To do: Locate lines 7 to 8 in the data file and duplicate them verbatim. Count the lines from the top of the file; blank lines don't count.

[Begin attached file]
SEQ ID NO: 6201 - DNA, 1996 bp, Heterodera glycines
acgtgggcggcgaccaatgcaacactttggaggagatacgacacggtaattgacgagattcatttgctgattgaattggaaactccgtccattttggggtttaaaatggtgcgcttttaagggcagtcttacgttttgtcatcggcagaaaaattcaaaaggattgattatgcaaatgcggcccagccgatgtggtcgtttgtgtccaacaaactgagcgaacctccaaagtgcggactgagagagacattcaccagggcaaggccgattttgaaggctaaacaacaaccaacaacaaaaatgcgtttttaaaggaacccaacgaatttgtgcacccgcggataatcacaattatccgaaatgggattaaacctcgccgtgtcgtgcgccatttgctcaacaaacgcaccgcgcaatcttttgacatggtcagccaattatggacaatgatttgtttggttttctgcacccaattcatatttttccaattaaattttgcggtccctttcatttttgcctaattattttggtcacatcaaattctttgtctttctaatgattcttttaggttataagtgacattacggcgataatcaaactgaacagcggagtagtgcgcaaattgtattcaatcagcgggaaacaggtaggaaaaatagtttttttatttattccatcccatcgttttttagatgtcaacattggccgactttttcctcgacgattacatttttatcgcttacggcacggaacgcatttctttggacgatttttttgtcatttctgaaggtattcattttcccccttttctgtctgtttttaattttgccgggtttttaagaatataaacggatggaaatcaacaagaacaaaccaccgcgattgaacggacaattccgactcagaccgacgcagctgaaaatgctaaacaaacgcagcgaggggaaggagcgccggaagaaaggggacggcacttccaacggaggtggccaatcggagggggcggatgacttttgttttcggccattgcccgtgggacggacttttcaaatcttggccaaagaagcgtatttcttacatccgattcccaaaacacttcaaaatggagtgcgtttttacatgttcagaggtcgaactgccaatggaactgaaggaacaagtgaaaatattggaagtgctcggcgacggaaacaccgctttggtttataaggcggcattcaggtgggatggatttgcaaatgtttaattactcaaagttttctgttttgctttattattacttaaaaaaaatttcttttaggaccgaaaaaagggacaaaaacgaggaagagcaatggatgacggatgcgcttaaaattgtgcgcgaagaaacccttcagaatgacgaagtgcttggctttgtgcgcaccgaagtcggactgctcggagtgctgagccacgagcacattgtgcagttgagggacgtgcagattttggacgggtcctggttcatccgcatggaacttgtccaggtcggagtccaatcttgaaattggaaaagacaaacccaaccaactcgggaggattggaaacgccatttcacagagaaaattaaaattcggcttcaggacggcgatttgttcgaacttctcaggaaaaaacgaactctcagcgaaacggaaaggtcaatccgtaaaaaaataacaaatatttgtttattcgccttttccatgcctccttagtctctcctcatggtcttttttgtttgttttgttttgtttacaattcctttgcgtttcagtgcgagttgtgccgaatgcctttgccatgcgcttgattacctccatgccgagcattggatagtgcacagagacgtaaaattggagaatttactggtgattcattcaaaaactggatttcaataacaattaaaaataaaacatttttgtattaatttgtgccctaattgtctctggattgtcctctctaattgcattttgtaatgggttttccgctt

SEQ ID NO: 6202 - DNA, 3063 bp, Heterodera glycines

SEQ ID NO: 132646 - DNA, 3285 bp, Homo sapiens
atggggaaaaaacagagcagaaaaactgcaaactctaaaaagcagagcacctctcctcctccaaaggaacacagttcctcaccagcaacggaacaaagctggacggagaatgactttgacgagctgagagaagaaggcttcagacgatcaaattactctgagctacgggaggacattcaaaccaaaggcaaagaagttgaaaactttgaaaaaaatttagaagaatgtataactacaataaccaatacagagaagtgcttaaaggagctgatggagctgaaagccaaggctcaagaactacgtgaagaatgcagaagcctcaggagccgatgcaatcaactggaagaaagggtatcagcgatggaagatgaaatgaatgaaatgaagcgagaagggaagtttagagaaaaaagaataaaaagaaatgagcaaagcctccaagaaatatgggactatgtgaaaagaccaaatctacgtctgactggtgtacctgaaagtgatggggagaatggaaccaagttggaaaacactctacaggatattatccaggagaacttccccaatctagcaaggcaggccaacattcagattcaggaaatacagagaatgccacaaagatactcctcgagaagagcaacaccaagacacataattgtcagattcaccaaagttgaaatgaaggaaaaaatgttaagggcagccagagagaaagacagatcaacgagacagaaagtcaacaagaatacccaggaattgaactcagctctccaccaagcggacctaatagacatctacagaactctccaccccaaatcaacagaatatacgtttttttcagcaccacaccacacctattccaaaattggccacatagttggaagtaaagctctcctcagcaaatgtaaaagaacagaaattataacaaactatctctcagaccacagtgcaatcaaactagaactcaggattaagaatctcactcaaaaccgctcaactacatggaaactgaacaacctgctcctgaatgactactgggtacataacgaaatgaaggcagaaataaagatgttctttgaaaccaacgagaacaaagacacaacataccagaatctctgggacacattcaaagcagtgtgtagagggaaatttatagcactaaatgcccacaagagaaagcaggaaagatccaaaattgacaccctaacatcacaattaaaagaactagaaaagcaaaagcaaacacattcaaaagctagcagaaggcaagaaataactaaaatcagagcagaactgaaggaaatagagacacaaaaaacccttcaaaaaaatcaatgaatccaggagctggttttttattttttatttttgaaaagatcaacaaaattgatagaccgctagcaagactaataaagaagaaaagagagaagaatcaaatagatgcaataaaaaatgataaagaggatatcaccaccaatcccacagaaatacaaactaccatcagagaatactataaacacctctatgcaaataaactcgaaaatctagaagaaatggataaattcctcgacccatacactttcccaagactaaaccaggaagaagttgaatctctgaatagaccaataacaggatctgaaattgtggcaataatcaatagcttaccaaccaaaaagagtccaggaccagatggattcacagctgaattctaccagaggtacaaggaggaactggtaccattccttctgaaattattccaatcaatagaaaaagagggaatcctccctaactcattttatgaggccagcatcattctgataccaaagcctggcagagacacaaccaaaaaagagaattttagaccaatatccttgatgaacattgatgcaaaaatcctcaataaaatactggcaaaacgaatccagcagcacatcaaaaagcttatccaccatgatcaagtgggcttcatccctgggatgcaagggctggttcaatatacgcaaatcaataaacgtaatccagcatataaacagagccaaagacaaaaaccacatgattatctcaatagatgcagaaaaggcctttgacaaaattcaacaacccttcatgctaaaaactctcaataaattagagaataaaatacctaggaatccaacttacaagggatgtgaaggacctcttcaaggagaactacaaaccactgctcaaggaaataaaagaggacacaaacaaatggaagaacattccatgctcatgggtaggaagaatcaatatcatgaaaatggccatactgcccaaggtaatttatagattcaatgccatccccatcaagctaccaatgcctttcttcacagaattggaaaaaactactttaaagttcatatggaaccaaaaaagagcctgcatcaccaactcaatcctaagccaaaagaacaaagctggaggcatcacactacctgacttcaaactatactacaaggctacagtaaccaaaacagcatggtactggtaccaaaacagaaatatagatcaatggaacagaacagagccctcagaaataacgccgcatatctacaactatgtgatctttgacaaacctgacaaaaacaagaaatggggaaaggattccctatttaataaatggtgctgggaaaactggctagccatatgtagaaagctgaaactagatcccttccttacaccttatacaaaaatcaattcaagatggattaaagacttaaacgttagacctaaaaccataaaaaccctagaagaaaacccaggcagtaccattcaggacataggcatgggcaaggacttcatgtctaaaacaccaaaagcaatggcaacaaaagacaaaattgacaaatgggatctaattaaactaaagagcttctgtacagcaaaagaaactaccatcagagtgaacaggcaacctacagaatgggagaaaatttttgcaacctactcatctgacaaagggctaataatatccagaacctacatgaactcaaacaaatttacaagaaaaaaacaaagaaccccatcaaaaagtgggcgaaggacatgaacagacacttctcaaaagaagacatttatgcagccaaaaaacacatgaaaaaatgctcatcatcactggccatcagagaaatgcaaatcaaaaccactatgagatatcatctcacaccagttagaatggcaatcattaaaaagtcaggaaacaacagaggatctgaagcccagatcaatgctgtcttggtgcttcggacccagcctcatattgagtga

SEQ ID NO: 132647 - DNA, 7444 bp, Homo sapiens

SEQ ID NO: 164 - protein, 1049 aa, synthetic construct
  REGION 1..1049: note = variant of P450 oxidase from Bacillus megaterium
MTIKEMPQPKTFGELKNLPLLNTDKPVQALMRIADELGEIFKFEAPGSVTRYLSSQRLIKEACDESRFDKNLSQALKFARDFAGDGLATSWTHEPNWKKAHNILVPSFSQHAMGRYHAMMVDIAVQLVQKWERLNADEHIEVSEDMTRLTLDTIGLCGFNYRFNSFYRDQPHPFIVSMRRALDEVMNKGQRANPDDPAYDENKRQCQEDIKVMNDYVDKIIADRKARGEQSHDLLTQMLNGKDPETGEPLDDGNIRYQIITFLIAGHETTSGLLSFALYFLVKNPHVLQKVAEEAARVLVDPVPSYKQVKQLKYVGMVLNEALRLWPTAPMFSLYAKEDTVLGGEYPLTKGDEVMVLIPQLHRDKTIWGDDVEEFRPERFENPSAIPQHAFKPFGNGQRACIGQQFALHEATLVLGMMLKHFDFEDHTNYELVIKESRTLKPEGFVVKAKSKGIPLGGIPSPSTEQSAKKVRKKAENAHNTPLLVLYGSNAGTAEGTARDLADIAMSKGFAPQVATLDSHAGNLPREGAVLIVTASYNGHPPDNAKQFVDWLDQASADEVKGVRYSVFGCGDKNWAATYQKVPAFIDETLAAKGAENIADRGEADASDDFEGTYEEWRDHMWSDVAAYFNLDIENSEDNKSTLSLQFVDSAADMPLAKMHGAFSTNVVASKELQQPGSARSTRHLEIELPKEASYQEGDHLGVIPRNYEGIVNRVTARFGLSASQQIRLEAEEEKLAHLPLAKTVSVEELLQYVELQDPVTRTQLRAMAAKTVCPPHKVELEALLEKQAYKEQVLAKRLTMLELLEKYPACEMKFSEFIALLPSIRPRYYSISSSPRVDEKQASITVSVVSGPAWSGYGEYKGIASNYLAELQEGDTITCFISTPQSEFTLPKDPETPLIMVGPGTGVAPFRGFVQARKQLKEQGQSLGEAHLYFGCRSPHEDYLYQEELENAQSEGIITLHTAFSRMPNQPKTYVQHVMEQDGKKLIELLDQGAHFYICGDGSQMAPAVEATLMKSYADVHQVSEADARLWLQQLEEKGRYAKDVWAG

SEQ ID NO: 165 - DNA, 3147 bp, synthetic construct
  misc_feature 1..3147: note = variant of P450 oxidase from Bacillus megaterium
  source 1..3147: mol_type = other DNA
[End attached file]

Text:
SEQ ID NO: 164 - protein, 1049 aa, synthetic construct
  REGION 1..1049: note = variant of P450 oxidase from Bacillus megaterium